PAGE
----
ITU

Implementing Kazakhstan’s cybersecurity concept

uslan Kenzhebekovich Abdikalikov, Chair of the Information Security Committee formed under the Republic of Kazakhstan’s Ministry of Digital Development, Innovation and Aerospace Industry, spoke recently with the ITU Regional Office for the CIS (Commonwealth of Independent States) Region.

Kazakhstan has approved and started implementing its national “Cyber Shield of Kazakhstan” cybersecurity concept. What were the preconditions and the development process for this plan?

New technologies and electronic services have become an integral part of daily life.

As we become more dependent on information and communication technologies (ICTs), the protection and availability of these technologies has become a major concern for the state.

In January 2017, President Nursultan Nazarbayev instructed the government to create the Cyber Shield of Kazakhstan. Five months later, the government approved the concept.

 What are the main provisions, and which organizations took part in creating the plan?

Initially, the ministry produced a draft concept based on the country’s existing cybersecurity situation. However, this considered only the interests of the state. Public discussions then took place, and the draft concept was criticized among professionals as too “one-sided”.

At the same time, we were pleasantly surprised to find a pool of cybersecurity professionals in Kazakhstan ready to do something, and we work together with them to this day.

A working group was created including parliamentarians, representatives of state bodies, professional and industry associations, higher educational institutions, and the industry, to analyse the status of informatization at government agencies, automation of public services, prospects for the digital economy, and modernization of production processes, aiming to expand the scope for ICT services. It also studied a wealth of international experience in protecting national ICT infrastructure.

The resulting document is now being implemented. Along with defining state policy on ICT protection, the plan outlines measures to boost a legal and industrial culture of cybersecurity. It improves the country’s readiness to prevent and respond to incidents, as well as providing basic definitions and explanations to raise general awareness about threats.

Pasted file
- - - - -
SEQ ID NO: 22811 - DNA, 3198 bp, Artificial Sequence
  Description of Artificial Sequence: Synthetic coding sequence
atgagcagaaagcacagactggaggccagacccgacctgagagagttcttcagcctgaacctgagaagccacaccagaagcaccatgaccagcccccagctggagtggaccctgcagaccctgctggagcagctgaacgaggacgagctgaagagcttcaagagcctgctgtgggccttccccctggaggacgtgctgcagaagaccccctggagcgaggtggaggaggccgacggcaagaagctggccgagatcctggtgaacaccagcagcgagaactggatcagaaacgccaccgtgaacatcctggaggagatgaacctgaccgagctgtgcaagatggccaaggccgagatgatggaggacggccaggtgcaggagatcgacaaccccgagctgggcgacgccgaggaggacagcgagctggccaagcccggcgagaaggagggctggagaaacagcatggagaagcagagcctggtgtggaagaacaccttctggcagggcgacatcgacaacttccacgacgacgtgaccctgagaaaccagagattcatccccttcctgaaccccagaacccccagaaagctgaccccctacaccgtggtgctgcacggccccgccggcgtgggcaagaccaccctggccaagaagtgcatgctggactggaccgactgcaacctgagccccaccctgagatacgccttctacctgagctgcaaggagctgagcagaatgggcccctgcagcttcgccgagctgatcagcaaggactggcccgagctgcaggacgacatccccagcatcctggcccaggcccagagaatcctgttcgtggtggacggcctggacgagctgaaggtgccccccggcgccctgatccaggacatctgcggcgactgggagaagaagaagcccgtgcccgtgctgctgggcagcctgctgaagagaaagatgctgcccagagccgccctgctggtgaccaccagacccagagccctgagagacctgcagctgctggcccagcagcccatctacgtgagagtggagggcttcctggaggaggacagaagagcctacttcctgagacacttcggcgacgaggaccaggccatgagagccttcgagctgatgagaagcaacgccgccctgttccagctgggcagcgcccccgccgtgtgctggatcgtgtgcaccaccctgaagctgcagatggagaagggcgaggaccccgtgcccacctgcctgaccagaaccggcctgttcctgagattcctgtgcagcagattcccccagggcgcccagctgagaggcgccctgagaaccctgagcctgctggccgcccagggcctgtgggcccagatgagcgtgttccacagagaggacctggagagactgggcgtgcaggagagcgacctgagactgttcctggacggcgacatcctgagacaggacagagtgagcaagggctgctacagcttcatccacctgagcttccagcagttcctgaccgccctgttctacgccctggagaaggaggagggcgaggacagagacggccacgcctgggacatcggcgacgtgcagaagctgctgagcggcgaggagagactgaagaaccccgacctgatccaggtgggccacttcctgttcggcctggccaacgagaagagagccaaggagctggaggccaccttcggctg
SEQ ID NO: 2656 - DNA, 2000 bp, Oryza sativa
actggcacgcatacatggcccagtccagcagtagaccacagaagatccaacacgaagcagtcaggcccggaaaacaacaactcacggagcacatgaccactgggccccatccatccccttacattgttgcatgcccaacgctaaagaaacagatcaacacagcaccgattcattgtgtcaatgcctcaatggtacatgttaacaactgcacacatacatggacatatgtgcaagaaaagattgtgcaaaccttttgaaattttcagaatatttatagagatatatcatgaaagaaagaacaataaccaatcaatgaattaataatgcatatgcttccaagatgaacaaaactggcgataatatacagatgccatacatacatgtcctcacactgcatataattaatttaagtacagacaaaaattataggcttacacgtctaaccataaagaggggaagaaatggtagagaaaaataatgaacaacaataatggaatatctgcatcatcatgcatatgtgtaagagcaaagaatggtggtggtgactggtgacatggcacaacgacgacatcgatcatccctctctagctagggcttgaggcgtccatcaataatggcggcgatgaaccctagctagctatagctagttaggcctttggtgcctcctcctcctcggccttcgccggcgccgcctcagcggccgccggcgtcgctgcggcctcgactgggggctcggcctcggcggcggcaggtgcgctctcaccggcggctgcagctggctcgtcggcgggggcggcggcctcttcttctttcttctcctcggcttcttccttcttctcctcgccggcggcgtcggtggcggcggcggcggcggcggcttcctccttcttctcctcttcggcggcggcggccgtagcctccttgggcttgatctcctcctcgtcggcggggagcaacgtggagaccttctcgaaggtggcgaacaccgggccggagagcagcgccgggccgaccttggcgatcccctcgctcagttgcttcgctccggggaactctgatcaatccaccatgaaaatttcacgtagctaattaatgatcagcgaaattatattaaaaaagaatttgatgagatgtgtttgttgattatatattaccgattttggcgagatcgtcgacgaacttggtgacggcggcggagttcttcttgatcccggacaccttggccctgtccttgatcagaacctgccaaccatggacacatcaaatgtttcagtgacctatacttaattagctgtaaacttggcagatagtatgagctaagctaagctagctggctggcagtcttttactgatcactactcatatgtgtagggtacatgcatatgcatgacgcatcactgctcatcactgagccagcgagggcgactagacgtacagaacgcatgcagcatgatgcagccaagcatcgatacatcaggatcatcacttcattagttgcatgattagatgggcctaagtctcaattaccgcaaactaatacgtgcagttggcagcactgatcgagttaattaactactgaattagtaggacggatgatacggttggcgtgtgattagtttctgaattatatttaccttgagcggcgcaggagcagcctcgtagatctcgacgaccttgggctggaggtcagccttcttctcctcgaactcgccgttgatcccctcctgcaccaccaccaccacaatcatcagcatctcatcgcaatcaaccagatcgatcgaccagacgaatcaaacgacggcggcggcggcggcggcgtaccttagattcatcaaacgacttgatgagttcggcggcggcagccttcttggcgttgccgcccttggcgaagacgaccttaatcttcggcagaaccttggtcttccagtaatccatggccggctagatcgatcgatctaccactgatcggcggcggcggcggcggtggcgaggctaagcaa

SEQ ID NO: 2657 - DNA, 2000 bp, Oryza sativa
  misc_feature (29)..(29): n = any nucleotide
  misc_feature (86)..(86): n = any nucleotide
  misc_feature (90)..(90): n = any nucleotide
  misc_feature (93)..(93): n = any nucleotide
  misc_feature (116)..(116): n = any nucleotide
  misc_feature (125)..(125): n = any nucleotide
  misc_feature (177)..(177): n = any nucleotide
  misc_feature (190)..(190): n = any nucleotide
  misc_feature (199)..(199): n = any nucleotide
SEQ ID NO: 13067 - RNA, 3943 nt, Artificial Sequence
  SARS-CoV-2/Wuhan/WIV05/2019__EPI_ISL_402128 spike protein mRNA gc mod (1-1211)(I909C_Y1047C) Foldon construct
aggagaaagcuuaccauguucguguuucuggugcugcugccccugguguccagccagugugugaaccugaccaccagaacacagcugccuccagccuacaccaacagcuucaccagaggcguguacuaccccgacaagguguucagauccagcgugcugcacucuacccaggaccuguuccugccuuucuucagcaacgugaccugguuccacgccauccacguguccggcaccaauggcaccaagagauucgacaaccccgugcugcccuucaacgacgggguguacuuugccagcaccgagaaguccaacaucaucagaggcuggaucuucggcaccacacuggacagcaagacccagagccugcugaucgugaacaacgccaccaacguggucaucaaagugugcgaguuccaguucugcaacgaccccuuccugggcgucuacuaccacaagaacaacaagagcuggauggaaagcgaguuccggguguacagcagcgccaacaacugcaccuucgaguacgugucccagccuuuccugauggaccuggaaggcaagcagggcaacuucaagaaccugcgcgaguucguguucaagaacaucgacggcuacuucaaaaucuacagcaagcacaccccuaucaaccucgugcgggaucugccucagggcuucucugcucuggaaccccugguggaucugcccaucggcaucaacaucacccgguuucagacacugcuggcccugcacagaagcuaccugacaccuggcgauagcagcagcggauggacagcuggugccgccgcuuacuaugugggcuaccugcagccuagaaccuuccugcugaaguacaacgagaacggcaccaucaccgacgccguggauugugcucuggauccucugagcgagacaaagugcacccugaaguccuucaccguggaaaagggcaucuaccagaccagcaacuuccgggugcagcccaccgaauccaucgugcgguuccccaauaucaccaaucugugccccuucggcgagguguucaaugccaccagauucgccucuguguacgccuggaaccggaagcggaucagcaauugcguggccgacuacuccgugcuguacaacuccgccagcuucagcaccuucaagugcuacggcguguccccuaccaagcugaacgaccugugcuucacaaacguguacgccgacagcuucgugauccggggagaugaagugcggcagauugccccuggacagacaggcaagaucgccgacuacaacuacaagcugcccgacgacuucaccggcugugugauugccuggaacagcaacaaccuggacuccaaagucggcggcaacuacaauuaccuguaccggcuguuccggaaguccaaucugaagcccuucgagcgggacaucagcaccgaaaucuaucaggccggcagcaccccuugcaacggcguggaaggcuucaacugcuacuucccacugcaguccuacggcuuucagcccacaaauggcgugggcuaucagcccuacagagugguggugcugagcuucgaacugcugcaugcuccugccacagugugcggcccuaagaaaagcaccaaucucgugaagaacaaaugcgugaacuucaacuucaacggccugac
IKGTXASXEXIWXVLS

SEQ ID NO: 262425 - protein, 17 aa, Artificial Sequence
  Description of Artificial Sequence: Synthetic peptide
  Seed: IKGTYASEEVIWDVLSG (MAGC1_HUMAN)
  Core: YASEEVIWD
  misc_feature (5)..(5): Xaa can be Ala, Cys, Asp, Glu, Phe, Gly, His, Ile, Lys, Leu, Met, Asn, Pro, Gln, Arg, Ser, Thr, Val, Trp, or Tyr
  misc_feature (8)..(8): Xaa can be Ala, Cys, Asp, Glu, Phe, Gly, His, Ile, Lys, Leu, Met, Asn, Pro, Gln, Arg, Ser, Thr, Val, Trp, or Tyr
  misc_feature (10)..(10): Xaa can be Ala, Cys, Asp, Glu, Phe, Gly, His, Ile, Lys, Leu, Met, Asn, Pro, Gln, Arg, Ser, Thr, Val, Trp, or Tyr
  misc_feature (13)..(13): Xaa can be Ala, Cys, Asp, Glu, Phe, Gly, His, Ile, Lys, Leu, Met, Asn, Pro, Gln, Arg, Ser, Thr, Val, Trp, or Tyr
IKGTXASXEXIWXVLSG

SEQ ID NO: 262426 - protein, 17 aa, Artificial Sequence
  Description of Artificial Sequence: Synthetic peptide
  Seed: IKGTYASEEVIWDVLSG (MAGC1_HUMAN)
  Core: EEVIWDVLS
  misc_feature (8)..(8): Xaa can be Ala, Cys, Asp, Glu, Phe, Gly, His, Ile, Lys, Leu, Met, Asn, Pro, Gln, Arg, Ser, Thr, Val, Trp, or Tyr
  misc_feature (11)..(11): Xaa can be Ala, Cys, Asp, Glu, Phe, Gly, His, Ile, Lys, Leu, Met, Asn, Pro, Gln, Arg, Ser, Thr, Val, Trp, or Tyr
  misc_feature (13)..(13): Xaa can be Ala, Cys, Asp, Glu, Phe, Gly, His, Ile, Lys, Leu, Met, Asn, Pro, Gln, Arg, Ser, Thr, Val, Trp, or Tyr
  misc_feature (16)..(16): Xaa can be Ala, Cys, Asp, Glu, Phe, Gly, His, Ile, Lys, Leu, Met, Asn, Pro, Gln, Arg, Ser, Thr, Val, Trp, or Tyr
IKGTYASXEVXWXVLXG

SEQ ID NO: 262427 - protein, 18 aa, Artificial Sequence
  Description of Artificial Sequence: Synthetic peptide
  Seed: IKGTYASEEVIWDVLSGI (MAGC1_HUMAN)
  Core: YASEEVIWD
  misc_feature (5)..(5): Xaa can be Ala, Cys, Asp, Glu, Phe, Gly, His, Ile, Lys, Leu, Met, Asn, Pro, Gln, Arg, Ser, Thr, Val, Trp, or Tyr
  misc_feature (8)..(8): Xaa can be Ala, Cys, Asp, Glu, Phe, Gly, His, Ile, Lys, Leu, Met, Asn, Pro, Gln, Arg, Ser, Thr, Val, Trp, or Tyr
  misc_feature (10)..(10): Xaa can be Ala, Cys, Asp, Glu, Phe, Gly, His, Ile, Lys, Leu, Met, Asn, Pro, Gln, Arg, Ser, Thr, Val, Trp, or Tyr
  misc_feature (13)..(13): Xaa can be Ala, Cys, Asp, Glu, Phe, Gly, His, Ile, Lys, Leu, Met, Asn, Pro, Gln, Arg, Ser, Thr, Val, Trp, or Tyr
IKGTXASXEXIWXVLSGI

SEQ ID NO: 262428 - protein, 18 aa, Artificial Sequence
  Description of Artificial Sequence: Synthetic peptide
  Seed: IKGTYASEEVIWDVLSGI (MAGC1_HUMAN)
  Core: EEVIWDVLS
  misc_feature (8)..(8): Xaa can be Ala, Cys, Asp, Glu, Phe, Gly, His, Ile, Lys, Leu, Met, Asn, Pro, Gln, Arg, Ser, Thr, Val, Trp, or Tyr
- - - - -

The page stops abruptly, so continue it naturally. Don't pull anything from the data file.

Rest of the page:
What problems did you identify, and how are those being solved?

Key problems we encountered include:

  • Insufficient awareness among citizens about cybersecurity threats.
  • A shortage of information security professionals.
  • Inadequate information protection infrastructure.
  • Neglect by organizations of information security requirements.
  • Limited trust in the public sector, beyond a few common software products.
  • Risks associated with the provision of electronic public services.

We recommend that countries analyse their current cybersecurity situation, identify key challenges and threats, learn from the experience of other countries, outline objectives, and formulate an action plan.

Kazakhstan is ready to share its own experience in a bilateral or multilateral format.

The continuous development of digital technologies also leads to the emergence of new vulnerabilities and cyber threats. Do you plan to revise the Cyber Shield concept?

The concept was approved for five years – the medium-term. Some activities not reflected there are included in the Digital Kazakhstan programme, the National Security Strategy, or intradepartmental plans of state bodies.